Turkey bombs Syrian Kurdish militia allied to US-backed forces
Displaying the incredible complexity of the war in Syria, Turkey hit Kurdish rebels in northern Syria, who are reportedly aligned with the US; the Kurdish forces that were hit had previously captured villages outside the city of Aleppo from ISIS.
Turkish air strikes pounded a group of Kurdish fighters allied to a US-backed militia in northern Syria overnight, highlighting the conflicting agendas of NATO members Ankara and Washington in an increasingly complex battlefield.
According to a statememnt made by the Syrian Observatory for Human Rights on Wednesday, the jets targeted positions of the Kurdish-led Syrian Democratic Forces (SDF) in three villages, northeast of the city of Aleppo, that the SDF had captured from ISIS.
The Turkish military confirmed its warplanes had carried out 26 strikes on areas recently taken by the Kurdish YPG militia, the strongest force in the SDF, and that it had killed between 160 and 200 combatants.
The British-based Observatory monitoring group reported a much lower toll of 11 dead and dozens wounded. Officials of the Kurdish-led administration that controls much of northeastern Syria said dozens had been killed.
A senior US defense official said the groups struck by Turkish jets were not themselves US-backed but were "close to and friendly with" the fighters Washington is working with.
Asked in the light of the air strikes whether he was concerned the US alliance with Turkey was unravelling, Defense Secretary Ash Carter told a news conference at the Pentagon:
"With respect to Turkey, our partnership is very strong in the counter-ISIL campaign." ISIL is another acronym for ISIS, also called the Islamic State. "We're working with the Turks now very successfully to help them secure their border area," added Carter, who was due to visit Turkey on Friday.
The United States has backed the Kurdish-led forces in their fight against ISIS, infuriating Ankara, which sees the YPG as an extension of Kurdish PKK militants who have waged a three-decade insurgency in southeastern Turkey.
Turkey fears the YPG will try to connect three de facto autonomous Kurdish cantons that have emerged during the five-year war to create a Kurdish-run enclave in northern Syria, stoking the separatist ambitions of Kurds on its own soil.
Five shells fired from the YPG-controlled Afrin region of Syria, west of where the air strikes hit, landed in empty land in Turkey's Hatay province on Thursday, triggering retaliatory howitzer fire from Turkey, the Turkish military said.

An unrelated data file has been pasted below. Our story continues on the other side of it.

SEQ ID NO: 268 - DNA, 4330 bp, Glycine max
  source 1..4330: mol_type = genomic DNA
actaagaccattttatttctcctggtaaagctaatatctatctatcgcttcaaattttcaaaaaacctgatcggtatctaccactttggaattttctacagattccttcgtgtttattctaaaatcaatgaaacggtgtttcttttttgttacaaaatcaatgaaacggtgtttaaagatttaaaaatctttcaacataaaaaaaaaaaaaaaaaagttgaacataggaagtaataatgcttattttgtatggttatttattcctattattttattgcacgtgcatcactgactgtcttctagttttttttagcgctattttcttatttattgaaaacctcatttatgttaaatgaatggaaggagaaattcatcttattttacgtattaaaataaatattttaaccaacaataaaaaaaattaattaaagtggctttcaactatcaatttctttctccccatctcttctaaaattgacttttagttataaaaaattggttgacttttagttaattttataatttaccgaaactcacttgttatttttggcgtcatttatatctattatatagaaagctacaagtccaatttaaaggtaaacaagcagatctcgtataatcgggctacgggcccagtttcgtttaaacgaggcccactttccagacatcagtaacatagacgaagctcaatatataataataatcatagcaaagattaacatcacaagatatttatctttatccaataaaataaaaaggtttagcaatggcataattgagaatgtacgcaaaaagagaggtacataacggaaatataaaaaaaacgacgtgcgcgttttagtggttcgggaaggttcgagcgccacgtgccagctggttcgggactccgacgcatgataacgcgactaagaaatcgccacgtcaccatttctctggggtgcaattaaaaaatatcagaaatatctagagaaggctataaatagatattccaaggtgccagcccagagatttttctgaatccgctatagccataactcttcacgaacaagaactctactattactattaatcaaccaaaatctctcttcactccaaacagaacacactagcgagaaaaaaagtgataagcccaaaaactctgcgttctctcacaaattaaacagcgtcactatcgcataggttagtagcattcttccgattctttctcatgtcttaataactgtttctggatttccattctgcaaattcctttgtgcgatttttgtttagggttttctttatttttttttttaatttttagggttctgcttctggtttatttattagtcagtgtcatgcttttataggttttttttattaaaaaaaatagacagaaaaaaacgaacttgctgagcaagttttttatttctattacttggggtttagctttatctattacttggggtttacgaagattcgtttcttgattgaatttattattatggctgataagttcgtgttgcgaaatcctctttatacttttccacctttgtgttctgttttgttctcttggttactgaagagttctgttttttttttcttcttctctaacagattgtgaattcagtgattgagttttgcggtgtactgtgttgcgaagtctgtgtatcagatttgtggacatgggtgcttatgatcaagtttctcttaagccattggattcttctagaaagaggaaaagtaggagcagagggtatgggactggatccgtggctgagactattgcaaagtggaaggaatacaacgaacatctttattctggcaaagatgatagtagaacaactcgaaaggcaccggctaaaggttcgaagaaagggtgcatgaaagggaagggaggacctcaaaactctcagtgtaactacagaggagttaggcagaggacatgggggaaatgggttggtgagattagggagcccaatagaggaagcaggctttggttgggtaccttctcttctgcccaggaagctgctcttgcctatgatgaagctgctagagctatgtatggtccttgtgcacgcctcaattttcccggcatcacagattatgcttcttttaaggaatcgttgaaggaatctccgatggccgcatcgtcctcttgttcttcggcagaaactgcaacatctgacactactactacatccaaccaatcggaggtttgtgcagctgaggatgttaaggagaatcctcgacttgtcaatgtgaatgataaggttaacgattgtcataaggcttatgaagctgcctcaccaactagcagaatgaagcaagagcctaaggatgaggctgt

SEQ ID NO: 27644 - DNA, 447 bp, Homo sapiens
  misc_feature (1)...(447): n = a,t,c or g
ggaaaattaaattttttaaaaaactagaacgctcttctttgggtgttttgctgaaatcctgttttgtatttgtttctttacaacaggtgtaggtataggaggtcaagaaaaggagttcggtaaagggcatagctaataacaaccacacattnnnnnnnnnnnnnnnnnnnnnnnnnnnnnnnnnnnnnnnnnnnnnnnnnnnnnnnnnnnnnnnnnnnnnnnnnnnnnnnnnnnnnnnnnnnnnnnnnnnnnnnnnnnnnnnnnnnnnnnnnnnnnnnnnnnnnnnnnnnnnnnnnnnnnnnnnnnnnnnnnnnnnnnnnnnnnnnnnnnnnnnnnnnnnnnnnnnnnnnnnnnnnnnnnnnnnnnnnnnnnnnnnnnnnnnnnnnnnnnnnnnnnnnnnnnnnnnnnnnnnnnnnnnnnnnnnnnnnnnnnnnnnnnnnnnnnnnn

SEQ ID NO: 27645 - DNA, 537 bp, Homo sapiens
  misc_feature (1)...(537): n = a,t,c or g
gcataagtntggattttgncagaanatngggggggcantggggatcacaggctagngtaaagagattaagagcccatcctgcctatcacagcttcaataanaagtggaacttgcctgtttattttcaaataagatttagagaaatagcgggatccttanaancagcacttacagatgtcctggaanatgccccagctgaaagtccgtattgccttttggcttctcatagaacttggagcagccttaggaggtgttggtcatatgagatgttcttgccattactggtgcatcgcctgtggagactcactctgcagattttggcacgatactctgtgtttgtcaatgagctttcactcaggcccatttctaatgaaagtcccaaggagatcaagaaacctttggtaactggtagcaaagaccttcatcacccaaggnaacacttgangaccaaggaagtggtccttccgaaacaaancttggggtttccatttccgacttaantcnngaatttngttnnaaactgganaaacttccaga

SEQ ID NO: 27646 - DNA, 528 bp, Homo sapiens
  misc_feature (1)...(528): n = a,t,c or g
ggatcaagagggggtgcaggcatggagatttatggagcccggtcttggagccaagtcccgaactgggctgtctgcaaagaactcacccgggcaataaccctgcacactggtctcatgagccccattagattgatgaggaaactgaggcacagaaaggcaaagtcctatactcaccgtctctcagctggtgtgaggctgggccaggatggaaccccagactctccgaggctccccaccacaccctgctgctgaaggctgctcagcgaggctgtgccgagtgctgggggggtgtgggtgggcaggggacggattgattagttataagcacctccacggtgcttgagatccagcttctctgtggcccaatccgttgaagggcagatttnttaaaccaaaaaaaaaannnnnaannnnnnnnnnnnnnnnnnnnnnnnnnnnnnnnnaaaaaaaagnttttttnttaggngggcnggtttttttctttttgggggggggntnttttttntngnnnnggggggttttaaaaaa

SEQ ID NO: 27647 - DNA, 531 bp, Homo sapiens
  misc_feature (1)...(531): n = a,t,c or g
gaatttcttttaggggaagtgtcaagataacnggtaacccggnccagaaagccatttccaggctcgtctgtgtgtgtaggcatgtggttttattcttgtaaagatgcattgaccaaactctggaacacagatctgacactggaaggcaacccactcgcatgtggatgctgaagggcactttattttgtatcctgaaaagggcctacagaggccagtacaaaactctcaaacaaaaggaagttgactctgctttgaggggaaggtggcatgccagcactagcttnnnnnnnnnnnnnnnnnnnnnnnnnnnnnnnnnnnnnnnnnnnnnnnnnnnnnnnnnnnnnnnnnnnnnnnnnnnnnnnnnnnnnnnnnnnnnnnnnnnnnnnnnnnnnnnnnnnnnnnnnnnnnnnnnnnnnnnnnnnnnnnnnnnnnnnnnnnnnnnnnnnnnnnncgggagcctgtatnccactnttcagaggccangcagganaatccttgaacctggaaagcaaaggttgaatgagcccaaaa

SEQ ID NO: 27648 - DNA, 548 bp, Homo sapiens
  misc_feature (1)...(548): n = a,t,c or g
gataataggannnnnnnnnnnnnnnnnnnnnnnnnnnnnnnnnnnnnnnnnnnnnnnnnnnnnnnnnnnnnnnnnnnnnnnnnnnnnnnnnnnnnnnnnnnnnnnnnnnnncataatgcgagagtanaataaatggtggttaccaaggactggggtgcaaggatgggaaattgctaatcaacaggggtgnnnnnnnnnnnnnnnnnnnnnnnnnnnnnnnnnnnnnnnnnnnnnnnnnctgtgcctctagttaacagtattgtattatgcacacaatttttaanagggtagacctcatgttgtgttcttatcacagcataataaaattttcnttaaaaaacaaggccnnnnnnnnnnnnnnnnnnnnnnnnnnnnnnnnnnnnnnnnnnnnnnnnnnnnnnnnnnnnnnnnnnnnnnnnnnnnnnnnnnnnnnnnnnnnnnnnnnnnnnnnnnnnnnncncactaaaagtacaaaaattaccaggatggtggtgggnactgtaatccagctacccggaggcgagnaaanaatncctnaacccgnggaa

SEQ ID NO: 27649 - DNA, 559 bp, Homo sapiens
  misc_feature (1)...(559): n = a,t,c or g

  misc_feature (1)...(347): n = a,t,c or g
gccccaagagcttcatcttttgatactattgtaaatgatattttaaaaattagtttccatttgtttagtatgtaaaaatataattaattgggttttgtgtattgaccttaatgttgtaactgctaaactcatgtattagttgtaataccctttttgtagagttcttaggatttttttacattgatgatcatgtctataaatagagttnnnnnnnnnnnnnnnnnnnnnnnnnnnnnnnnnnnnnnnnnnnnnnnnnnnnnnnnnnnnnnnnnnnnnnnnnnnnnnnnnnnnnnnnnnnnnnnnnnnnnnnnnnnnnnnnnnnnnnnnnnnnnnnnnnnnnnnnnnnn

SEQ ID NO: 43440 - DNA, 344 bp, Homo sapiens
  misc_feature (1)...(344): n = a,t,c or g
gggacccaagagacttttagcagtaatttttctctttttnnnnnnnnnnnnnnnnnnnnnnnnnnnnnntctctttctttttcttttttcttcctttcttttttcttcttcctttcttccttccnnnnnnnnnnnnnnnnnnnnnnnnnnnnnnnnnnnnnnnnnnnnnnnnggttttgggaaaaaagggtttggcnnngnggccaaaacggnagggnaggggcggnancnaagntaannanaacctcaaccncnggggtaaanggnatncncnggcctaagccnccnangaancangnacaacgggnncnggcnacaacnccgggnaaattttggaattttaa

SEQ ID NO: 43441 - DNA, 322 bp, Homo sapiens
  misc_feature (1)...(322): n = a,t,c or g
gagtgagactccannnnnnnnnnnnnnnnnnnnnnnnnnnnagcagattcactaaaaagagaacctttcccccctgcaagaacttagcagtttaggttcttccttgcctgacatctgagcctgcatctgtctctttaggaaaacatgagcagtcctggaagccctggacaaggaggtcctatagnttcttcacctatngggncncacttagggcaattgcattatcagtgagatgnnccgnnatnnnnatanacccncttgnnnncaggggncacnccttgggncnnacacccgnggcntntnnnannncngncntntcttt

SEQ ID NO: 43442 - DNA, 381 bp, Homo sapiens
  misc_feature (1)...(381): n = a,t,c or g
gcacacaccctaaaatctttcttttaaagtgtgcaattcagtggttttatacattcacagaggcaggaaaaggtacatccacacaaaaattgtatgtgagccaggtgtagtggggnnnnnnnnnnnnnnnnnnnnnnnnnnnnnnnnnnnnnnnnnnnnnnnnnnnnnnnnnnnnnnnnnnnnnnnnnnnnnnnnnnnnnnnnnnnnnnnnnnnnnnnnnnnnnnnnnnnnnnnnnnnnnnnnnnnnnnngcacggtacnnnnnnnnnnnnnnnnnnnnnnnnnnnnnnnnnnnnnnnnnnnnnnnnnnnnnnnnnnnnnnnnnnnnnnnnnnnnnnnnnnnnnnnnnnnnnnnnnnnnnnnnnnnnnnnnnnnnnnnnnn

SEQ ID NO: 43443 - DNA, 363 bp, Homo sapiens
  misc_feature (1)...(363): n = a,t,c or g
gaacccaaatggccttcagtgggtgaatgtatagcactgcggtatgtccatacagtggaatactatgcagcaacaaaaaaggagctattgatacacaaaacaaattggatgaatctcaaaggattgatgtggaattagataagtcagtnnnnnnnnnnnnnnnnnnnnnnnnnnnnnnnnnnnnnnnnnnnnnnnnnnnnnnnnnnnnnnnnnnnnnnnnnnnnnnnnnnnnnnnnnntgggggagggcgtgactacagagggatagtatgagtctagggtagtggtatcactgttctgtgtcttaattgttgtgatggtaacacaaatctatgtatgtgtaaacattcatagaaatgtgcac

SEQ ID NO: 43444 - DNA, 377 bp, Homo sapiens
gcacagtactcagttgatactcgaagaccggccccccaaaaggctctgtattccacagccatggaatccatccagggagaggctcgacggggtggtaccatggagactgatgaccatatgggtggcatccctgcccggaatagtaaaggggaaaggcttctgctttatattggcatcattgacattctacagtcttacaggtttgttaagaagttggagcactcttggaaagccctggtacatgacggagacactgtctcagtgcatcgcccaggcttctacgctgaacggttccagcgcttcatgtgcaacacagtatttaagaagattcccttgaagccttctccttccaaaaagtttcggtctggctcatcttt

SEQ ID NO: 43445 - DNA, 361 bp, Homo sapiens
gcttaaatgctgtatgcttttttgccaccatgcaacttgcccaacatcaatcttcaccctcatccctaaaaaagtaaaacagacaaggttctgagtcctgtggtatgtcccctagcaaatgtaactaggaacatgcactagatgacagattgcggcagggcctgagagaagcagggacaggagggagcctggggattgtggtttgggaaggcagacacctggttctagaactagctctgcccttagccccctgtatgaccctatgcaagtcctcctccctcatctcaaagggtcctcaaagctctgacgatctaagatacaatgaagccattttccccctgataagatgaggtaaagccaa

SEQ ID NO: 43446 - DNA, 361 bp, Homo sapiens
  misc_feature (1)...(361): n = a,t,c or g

The Turkish army bombarded villages near Afrin overnight, the pro-Kurdish Anha news agency said. Footage purportedly showed smoke billowing out from the Syrian side of the border. Anha said there were casualties from the shelling by what it described as at least 44 howitzers.
The Turkish army also said 21 PKK militants had been killed in operations in Hakkari province in Turkey's southeast, where violence has flared since the PKK abandoned a ceasefire in 2015.
'We will not wait'The air strikes, the heaviest against the YPG since Turkey launched a military incursion into Syria two months ago, came hours after Turkish President Recep Tayyip Erdoğan warned that Ankara could act alone in rooting out its enemies abroad.
"From now on we will not wait for problems to come knocking on our door, we will not wait until the blade is against our bone and skin, we will not wait for terrorist organisations to come and attack us," Erdoğan said in a speech on Wednesday.
The Observatory named the bombed villages as al-Hasiya, Um al-Qura and Um Hosh. They lie around 30 km (19 miles) west of al-Bab, the last big town held by ISIS militants in northwest Syria after a series of battlefield reverses.
Turkey, a major backer of the insurgency against President Bashar al-Assad, entered the Syrian conflict in August, using its armour and air power to help Free Syrian Army rebel groups take territory near the border held by ISIS.
But its intervention also aimed to prevent the SDF from gaining more ground. The SDF has been moving eastwards towards al-Bab, which Turkish-backed rebel forces also want to capture from ISIS.
The Turkish military said its air strikes had destroyed nine buildings, one armoured vehicle and four other vehicles that belonged to the YPG.